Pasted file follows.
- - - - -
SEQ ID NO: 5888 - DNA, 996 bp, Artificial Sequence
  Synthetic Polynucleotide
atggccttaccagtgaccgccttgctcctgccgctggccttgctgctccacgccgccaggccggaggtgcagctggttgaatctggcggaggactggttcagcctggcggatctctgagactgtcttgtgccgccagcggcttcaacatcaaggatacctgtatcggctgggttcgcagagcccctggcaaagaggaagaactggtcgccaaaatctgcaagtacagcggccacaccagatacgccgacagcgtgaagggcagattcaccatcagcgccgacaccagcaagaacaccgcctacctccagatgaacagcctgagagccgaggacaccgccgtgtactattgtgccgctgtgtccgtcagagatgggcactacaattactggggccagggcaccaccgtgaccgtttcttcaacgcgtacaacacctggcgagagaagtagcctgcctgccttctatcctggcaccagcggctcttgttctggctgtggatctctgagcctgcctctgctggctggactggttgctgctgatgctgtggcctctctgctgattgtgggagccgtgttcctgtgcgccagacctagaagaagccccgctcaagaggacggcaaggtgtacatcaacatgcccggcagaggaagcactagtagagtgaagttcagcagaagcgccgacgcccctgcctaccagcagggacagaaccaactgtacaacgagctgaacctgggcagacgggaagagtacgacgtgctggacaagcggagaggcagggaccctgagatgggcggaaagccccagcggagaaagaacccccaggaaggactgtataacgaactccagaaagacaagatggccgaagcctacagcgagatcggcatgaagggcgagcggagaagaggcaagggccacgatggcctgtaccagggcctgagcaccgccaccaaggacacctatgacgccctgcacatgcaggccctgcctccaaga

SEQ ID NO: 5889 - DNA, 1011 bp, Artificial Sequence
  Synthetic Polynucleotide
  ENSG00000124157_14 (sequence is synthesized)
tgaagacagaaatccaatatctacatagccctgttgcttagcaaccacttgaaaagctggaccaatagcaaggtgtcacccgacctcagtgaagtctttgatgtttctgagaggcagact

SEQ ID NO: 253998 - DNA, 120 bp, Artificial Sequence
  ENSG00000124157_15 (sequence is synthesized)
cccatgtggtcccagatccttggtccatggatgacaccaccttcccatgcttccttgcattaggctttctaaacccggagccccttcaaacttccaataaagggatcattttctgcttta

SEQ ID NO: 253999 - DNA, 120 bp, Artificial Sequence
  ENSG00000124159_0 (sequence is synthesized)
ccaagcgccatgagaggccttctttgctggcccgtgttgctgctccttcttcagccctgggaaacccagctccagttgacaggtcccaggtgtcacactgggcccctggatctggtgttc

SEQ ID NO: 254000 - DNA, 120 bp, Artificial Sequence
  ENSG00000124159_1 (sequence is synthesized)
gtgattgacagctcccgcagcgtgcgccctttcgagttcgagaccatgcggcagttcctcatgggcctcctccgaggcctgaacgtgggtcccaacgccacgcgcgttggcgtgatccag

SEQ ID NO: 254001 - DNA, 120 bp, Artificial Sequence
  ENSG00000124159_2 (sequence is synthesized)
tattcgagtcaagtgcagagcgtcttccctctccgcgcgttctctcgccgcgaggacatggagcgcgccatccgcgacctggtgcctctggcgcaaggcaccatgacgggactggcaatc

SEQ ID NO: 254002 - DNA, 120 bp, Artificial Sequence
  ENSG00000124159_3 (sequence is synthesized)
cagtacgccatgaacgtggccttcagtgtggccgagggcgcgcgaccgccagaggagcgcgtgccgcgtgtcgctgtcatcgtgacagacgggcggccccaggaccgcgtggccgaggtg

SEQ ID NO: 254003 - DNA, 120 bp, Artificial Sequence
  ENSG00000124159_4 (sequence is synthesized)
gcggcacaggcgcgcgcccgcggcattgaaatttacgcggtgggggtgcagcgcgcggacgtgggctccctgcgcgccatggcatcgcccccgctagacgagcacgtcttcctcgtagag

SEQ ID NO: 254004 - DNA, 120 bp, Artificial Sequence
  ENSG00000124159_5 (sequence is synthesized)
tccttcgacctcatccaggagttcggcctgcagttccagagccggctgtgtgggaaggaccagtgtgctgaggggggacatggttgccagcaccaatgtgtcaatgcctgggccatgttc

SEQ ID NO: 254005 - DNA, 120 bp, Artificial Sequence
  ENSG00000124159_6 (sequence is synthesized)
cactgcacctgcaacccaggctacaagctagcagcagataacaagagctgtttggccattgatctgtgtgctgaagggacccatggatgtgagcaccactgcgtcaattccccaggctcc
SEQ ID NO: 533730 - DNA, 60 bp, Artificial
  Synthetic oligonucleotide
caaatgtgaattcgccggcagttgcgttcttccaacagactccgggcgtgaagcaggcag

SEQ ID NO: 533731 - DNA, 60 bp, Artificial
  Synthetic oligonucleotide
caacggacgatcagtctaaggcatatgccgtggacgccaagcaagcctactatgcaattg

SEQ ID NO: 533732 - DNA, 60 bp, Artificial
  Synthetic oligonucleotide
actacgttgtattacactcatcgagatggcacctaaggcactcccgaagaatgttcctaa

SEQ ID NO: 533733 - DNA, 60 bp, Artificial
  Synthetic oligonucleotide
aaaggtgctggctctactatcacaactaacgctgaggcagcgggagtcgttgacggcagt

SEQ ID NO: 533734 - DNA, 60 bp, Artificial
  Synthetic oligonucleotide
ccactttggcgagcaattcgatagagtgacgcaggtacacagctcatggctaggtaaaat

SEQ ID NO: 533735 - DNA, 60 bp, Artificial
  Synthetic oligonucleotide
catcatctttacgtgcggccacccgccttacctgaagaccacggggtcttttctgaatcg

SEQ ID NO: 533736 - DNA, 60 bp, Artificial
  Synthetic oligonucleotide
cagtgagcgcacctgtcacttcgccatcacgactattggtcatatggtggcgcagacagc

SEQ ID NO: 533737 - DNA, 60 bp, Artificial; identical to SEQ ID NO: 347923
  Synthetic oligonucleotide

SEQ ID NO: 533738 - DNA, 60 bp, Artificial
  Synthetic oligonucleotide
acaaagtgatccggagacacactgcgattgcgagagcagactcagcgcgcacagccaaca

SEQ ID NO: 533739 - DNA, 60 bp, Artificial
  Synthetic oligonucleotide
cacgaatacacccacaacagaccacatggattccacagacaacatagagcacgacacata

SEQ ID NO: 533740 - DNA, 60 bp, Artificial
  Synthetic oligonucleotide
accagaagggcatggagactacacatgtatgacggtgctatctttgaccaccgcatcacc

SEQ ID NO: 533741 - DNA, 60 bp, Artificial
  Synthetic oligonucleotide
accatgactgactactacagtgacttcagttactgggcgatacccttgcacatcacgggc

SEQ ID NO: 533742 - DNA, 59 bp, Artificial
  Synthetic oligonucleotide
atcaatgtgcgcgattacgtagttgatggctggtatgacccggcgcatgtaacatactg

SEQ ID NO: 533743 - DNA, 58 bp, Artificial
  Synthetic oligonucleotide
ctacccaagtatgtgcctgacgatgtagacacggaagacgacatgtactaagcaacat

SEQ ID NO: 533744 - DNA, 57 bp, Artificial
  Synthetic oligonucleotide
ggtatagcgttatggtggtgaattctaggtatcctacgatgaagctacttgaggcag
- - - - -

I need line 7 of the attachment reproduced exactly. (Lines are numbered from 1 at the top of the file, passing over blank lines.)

tgaagacagaaatccaatatctacatagccctgttgcttagcaaccacttgaaaagctggaccaatagcaaggtgtcacccgacctcagtgaagtctttgatgtttctgagaggcagact